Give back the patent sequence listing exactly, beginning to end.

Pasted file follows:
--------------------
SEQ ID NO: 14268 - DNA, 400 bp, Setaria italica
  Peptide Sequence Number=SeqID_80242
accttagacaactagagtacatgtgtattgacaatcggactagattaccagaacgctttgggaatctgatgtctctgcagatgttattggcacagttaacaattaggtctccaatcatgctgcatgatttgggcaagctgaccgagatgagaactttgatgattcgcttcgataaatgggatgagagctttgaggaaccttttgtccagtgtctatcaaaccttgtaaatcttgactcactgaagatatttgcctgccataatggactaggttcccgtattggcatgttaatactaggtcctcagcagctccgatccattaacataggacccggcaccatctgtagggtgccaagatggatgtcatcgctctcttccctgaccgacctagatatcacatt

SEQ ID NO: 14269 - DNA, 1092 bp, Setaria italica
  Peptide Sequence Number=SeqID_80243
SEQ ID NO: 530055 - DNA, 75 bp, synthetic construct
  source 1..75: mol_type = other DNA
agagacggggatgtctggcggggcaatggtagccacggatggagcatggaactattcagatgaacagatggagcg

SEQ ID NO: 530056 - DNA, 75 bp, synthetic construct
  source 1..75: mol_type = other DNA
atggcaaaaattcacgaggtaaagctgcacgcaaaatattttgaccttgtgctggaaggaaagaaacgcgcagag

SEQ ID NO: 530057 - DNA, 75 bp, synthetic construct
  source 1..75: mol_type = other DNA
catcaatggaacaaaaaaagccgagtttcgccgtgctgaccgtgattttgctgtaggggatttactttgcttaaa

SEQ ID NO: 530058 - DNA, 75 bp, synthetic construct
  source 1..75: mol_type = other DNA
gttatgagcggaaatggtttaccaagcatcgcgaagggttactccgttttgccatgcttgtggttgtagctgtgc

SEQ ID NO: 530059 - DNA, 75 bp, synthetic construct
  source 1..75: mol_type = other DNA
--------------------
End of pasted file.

SEQ ID NO: 14268 - DNA, 400 bp, Setaria italica
  Peptide Sequence Number=SeqID_80242
accttagacaactagagtacatgtgtattgacaatcggactagattaccagaacgctttgggaatctgatgtctctgcagatgttattggcacagttaacaattaggtctccaatcatgctgcatgatttgggcaagctgaccgagatgagaactttgatgattcgcttcgataaatgggatgagagctttgaggaaccttttgtccagtgtctatcaaaccttgtaaatcttgactcactgaagatatttgcctgccataatggactaggttcccgtattggcatgttaatactaggtcctcagcagctccgatccattaacataggacccggcaccatctgtagggtgccaagatggatgtcatcgctctcttccctgaccgacctagatatcacatt

SEQ ID NO: 14269 - DNA, 1092 bp, Setaria italica
  Peptide Sequence Number=SeqID_80243
SEQ ID NO: 530055 - DNA, 75 bp, synthetic construct
  source 1..75: mol_type = other DNA
agagacggggatgtctggcggggcaatggtagccacggatggagcatggaactattcagatgaacagatggagcg

SEQ ID NO: 530056 - DNA, 75 bp, synthetic construct
  source 1..75: mol_type = other DNA
atggcaaaaattcacgaggtaaagctgcacgcaaaatattttgaccttgtgctggaaggaaagaaacgcgcagag

SEQ ID NO: 530057 - DNA, 75 bp, synthetic construct
  source 1..75: mol_type = other DNA
catcaatggaacaaaaaaagccgagtttcgccgtgctgaccgtgattttgctgtaggggatttactttgcttaaa

SEQ ID NO: 530058 - DNA, 75 bp, synthetic construct
  source 1..75: mol_type = other DNA
gttatgagcggaaatggtttaccaagcatcgcgaagggttactccgttttgccatgcttgtggttgtagctgtgc

SEQ ID NO: 530059 - DNA, 75 bp, synthetic construct
  source 1..75: mol_type = other DNA